Q325       Mr Burrowes: Have you talked to her yet?

Jeremy Corbyn: I’ve just left a message and I’m speaking to her later.

Q326       Mr Burrowes: You’ve left a message. Have you left a message with Marc Wadsworth about his racist and antisemitic words? You were keen to text him.

Jeremy Corbyn: Can I say that I have had no contact whatsoever with Marc Wadsworth? I will work out what is going to happen now, what process is going to take place.

Q327       Mr Burrowes: But on the face of it, it is an antisemitic trope about Jewish and media collusion—do you agree that that is racist and antisemitic?

Jeremy Corbyn: I need to know exactly what was said before I can make a comment on that.

Q328       Mr Burrowes: Before you take action, does it have to be a trope, a slur or does it have to be a physical attack? When do you take action as leader of the Labour party?

Jeremy Corbyn: Listen, I have taken a lot of action as leader of the Labour party. We have suspended a number of members because of reports we have received of racist remarks made by them or racist actions that have been taken. They are being investigated. What this report does is set out a process by which those who are suspended will get a fair hearing; those who feel that they have been abused by those individuals will also get their evidence considered. We have taken action that shows a great deal of responsibility by a party. I don’t recall any other party, including yours, doing the same.

Q329       Mr Burrowes: I’m asking you the questions today. I am happy to ask similar questions of other parties. You are the person to answer these questions.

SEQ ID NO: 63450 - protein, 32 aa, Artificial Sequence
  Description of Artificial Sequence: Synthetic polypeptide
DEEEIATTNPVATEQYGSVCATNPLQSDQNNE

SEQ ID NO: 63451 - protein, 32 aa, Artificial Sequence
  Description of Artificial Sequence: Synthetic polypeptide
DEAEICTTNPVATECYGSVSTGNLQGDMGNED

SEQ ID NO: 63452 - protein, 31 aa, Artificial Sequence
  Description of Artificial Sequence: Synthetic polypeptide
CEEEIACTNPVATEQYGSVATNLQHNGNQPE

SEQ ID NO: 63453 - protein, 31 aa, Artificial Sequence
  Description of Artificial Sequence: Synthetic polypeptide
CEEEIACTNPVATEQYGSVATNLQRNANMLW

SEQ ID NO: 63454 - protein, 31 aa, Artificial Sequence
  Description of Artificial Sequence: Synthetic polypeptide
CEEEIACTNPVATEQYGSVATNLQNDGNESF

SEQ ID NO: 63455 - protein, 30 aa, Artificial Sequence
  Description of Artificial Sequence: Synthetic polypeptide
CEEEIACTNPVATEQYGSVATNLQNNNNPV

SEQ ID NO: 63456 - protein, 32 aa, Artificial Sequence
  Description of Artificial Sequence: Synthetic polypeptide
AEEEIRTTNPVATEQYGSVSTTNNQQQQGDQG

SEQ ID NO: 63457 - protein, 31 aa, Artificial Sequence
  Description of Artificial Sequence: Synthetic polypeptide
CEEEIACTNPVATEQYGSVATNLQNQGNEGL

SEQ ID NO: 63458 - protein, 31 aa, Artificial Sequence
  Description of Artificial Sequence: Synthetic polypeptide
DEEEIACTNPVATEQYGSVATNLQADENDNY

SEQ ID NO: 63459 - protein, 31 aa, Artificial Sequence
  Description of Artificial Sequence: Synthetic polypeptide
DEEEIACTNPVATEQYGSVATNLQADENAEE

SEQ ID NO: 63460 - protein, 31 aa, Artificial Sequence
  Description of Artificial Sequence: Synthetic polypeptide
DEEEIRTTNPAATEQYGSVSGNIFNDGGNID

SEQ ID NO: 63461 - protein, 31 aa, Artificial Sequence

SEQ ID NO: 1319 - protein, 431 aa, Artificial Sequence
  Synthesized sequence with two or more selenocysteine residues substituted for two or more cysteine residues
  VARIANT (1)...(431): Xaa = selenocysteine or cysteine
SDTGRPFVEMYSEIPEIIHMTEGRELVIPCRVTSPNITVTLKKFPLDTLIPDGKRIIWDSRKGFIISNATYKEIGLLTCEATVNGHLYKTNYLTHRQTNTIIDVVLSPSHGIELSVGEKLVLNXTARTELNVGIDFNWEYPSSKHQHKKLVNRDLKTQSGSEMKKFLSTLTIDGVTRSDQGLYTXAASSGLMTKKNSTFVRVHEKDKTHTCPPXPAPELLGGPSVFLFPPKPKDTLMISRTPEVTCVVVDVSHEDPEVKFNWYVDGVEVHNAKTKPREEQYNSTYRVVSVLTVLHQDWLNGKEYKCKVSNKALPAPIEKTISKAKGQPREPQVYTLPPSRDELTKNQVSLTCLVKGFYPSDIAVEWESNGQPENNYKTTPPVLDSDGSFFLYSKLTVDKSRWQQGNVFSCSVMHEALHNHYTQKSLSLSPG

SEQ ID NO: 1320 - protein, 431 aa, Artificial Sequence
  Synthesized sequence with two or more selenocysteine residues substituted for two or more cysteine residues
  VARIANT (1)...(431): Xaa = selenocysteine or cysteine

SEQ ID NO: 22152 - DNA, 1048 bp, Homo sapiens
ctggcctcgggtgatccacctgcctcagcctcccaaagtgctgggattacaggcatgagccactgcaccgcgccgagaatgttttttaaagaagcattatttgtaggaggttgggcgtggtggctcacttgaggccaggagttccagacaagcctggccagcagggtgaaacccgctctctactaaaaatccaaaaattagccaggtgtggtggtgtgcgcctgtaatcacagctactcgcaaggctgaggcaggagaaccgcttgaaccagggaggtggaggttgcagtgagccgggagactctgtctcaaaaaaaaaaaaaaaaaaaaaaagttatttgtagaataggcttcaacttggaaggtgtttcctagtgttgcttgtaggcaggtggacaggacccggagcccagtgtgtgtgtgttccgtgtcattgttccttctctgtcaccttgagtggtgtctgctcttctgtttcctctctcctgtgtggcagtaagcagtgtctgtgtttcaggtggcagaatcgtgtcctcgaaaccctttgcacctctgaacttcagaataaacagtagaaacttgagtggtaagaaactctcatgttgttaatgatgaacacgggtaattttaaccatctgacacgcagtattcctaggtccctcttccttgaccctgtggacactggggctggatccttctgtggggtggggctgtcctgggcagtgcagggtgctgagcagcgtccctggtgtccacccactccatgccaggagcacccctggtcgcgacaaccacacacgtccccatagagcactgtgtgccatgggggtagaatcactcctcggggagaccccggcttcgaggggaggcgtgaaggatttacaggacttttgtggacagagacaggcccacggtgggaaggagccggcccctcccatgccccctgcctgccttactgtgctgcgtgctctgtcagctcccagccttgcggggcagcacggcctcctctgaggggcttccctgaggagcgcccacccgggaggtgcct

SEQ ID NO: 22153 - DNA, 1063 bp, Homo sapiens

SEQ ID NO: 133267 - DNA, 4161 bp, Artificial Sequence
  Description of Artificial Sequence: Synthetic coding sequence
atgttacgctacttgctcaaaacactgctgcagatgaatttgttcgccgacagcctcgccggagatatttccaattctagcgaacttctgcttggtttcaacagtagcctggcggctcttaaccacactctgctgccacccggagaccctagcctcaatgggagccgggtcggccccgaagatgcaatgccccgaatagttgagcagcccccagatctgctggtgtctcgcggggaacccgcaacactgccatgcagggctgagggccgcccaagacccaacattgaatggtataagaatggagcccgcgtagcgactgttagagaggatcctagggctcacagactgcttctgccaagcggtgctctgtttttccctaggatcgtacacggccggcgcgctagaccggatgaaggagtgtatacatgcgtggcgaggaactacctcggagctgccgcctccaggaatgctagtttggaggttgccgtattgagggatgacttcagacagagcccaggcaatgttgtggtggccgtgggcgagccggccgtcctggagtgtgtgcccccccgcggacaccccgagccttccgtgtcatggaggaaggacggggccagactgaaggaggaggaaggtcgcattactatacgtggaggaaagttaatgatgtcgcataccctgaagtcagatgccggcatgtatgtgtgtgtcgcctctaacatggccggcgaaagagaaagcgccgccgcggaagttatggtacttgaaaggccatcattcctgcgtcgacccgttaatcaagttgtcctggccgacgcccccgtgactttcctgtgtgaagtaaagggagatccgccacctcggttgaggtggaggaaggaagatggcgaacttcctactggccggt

As leader of the Labour party, are you really taking this issue seriously when you have a senior member of the Labour party, a Front-Bencher—the shadow Leader of the House—saying that allegations of antisemitism in the Labour party “are among the wildest and least accurate of insults”? Do you agree with him that they are among the wildest and least accurate of insults?

Jeremy Corbyn: I do not know why or in what context he made those remarks. The number of people suspended is not huge. I want to have all those cases investigated. I draw your attention to the first page of Shami Chakrabarti’s report in which she says, “The Labour Party is not overrun by antisemitism, Islamophobia or any other forms of racism”. She goes on to explain issues of the background of the party and then the details of her inquiry.

Q330       Mr Burrowes: So, do you dissociate yourself from him when he said in his email to Labour MPs that antisemitic incidents that have been reported have been created by “malicious, anti-Labour forces”? Do you associate or dissociate yourself from that?